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lars per day, and that the pay of the United States Grand Jurors be increased to eight dollars per day.

The salaries received by the officials of the new territory are not set forth in the organic act but as that act expressly adopted all the terms and provisions of the organic act of New Mexico not inconsistent with the provisions of the organic act of Arizona, the salaries of the officials of Arizona were fixed by New Mexico's act in 1850, and were as follows:

Governor, $1,500 per annum; Secretary, $1,800 per annum; Attorney, $250 per annum; Marshal, $200 per annum and fees, and three justices of the Supreme Court at $1,800 each. The members of the Legislature were to hold annual sessions of 40 days, at a compensation of three dollars for each member, and mileage at the rate of three dollars for 20 miles. In 1854 the salary of the Governor was increased to $3,000, and that of the judges by $500.

The Legislature also memorialized Congress asking that an appropriation of one hundred and fifty thousand dollars for the placing of the Indians of the Colorado on a reservation, be made, such Indians being the Yavapais, Hualapais, Mohaves and Yumas, numbering about ten thousand, who, the memorial recited, were scattered over an extent of country from the Gila River on the south to the northern boundary of the Territory, and from the Colorado River on the west to the Verde River on the east; that these Indians were roaming at large over the vast territory described, gaining a precarious subsistence from the small patches of land along the Colorado River, which they cultivated, and from fishing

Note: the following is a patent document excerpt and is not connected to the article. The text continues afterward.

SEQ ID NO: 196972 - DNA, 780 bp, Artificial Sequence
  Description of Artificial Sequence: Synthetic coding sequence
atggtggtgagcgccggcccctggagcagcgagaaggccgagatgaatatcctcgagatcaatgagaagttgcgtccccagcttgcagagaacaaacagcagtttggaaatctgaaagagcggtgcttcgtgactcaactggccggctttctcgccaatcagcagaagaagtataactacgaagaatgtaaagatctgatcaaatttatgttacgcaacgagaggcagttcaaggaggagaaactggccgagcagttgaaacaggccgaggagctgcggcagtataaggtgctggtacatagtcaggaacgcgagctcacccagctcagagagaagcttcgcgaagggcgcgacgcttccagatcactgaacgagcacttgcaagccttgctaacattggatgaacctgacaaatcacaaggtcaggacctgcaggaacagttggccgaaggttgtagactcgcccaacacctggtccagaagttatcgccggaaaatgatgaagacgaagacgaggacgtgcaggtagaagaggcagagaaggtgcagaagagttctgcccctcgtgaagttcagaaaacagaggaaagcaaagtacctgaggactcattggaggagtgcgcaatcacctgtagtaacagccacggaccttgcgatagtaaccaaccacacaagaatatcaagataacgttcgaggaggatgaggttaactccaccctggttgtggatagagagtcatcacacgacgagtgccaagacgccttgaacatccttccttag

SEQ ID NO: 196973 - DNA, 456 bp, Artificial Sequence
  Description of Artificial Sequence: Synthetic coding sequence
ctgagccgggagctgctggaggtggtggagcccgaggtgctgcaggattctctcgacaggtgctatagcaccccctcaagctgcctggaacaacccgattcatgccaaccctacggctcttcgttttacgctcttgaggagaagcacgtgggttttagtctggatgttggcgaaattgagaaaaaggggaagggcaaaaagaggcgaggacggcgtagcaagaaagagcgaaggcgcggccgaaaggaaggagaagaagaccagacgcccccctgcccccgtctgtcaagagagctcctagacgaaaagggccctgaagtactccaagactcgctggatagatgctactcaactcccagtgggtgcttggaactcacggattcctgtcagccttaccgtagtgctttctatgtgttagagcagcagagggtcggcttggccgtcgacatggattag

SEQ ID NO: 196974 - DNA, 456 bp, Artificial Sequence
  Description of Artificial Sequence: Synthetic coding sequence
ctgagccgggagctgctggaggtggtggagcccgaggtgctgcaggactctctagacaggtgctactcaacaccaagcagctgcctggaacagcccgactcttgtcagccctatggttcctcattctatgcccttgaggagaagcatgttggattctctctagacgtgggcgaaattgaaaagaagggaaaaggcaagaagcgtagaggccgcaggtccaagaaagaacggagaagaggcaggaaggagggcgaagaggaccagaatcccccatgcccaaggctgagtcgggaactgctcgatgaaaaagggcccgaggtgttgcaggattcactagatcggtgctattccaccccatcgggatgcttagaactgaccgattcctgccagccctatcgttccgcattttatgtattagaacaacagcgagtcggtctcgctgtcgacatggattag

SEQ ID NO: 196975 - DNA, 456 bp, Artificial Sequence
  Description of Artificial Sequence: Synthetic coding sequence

and hunting; that when the seasons were unfavorable to their little farming interests, or the Colorado did not overflow to irrigate and enrich their fields, they were reduced to a starving condition, and compelled by necessity to make raids upon the stock and property of the whites, and not infrequently did they ambush the traveler and miner, and waylay and stampede the stock of trains and plunder their packs and wagons.

Congress was also memorialized for an appropriation of $250,000 for the organization of volunteers or rangers in the Territory, to aid in the war against the Apaches, and also for an appropriation of $150,000 for the improvement of the navigation of the Colorado River from Yuma to the mouth of the Virgin River, from which latter point, the memorial recited, there was a fine natural road, a distance of only three hundred and fifty miles to Salt Lake City, and that by this route the Government, as well as private transportation could be furnished in a much shorter time, and at less cost, than by any other route; that if the navigation of the river were improved, it would accommodate the general Government, and greatly increase and hasten the development of the vast mineral and other resources of the Territory.





It shows how utterly regardless Congress was of the needs of Arizona when it is stated that none of the memorials set forth in the preceding chapter were acted upon. It was right that the per diem of members of the Legislature should be increased, because three dollars a day in currency did not pay their board in Prescott at that time. Board alone, without room rent, was from fifteen to twenty dollars in gold per week, and the increase in the salaries of the officers asked for was certainly not exorbitant.